In the last 15-20 years, researchers have focused on the creation, reuse and sharing of OER, and little attention has been given to adaptation of resources or what teachers do with them, and to the practices with OER rather than OER itself. Thus, to date, there is scant evidence of OER reuse impacting on teaching practices. This presentation discusses the findings of a doctoral study, conducted with a group of online language teachers in a distance learning Higher Education institution in the UK. Data were collected and analysed following Charmaz’s (2014) constructivist grounded theory methodology. The experience of teachers’ reuse and adaptation of OER – which had been created specifically for synchronous online language teaching – was explored via seventeen online interviews. The presentation focuses on showing how, consistent with a grounded theory approach, conceptual categories were allowed to emerge, rather than being initially driven by a theoretical framework. The findings of this study build on Cronin (2018) who contends that OEP ‘is complex, personal, contextual, and continually negotiated’ (p.158) and (Schuwer and Janssen, 2018) who suggest that ‘motivation for sharing and reuse of learning materials for educators and managers is directly related to the ambition to achieve better education for students’ (p.151). Indeed, this research findings indicate that OER reuse promotes self-reflection and therefore can play a significant role in teachers’ development as online educators, supporting the first part of Weller et al.’s (2017) fifth hypothesis that ‘use of OER leads to critical reflection by educators, with evidence of improvement in their practice’ (p. 70)’. However, the findings also challenges the assumption that teachers work together in communities of practice and develop open educational practices as a result of working with OER. The results of this research provide an insight into the connection between OER reuse and reflections on online language teaching practices. At the same time, they raise questions with regard to the apparent normalisation of reuse of OER and their promise to improve the quality of teaching. This session will be of particular interest to colleagues who wish to engage in debating around basic aspects of OER such as whether it is desirable to expect teachers to share their resources online or whether it is necessary for open education to be exclusively online. The findings of this research indicates that teachers maybe using and adapting online resources but they do not necessarily share their adapted resources back to online repositories. This raises the question of the sustainability of the OER movement and why educators want teachers to use and share online resources. This session will give an opportunity to participants to discuss the important question: whose interests are served in the OER movement and what are the risks for the movement is teachers are unwilling to share their resources back in public domains.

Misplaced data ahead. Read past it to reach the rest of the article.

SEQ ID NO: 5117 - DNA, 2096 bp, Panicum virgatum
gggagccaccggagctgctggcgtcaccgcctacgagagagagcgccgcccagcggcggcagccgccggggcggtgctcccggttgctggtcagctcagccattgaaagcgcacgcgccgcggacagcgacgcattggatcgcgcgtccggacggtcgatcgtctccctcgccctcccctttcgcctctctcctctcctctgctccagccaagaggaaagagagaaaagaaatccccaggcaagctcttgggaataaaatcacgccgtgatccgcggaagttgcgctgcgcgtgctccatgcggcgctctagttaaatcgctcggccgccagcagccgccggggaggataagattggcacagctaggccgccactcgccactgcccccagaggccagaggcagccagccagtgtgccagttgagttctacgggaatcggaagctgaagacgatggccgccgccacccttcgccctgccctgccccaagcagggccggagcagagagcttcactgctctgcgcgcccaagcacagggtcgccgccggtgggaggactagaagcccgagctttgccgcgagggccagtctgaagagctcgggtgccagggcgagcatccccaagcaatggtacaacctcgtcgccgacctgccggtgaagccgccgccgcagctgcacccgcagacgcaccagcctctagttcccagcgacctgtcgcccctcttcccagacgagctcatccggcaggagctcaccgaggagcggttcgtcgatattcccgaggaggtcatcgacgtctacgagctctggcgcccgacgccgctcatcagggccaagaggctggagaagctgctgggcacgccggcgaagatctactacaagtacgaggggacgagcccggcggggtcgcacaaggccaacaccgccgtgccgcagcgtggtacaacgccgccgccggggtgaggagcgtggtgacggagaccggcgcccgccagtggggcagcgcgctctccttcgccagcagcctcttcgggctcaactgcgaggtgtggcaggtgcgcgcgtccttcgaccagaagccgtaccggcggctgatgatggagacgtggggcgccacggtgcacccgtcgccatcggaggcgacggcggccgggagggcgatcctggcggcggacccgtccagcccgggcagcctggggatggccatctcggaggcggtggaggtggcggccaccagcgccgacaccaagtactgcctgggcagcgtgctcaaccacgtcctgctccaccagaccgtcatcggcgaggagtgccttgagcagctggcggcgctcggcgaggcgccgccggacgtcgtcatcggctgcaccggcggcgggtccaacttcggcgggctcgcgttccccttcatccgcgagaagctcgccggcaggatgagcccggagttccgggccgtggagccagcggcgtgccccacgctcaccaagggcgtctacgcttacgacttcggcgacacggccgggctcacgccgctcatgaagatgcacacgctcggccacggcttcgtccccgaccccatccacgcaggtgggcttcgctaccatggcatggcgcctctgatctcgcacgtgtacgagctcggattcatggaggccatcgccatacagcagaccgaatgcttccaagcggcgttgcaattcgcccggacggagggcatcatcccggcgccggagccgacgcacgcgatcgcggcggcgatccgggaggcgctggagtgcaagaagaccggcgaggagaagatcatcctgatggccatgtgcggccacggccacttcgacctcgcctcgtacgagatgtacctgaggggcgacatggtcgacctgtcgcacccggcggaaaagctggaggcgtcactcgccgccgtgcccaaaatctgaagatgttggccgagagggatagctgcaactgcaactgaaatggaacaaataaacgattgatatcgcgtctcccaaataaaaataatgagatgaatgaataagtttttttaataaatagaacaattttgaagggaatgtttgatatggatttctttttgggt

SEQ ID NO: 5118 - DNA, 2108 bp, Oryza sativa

20 minute session
Charmaz, K. (2014) Constructing grounded theory, 2nd edn, London, Sage.
Cronin, C. (2018) ‘Openness and praxis: A situated study of academic staff meaning-making and decision-making with respect to openness and use of open educational practices in higher education’, PhD Thesis, National University of Ireland, Galway, Ireland. [online] Available at: https://go-gn.net/theses/
Schuwer, R. and Janssen, B. (2018) ‘Adoption of sharing and reuse of open resources by educators in higher education institutions in the Netherlands: A qualitative research of practices, motives, and conditions’, International Review of Research in Open and Distributed Learning, vol. 19, no. 3, pp. 151-171. [online] Available at: http://dx.doi.org/10.19173/irrodl.v19i3.3390
Weller, M., de los Arcos, B., Farrow, R., Pitt, R., and McAndrew, P. (2017) ‘What Can OER Do for Me? Evaluating the Claims for OER’, in Jhangiani, R. S. and Biswas-Diener, R. (eds.) Open: The Philosophy and Practices that are Revolutionizing Education and Science, London, UK, Ubiquity Press, pp. 67-77. [online] Available at: http://oro.open.ac.uk/49041/1/__userdata_documents7_rep237_Downloads_what-can-oer-do-for-me-evaluating-the-claims-for-o.pdf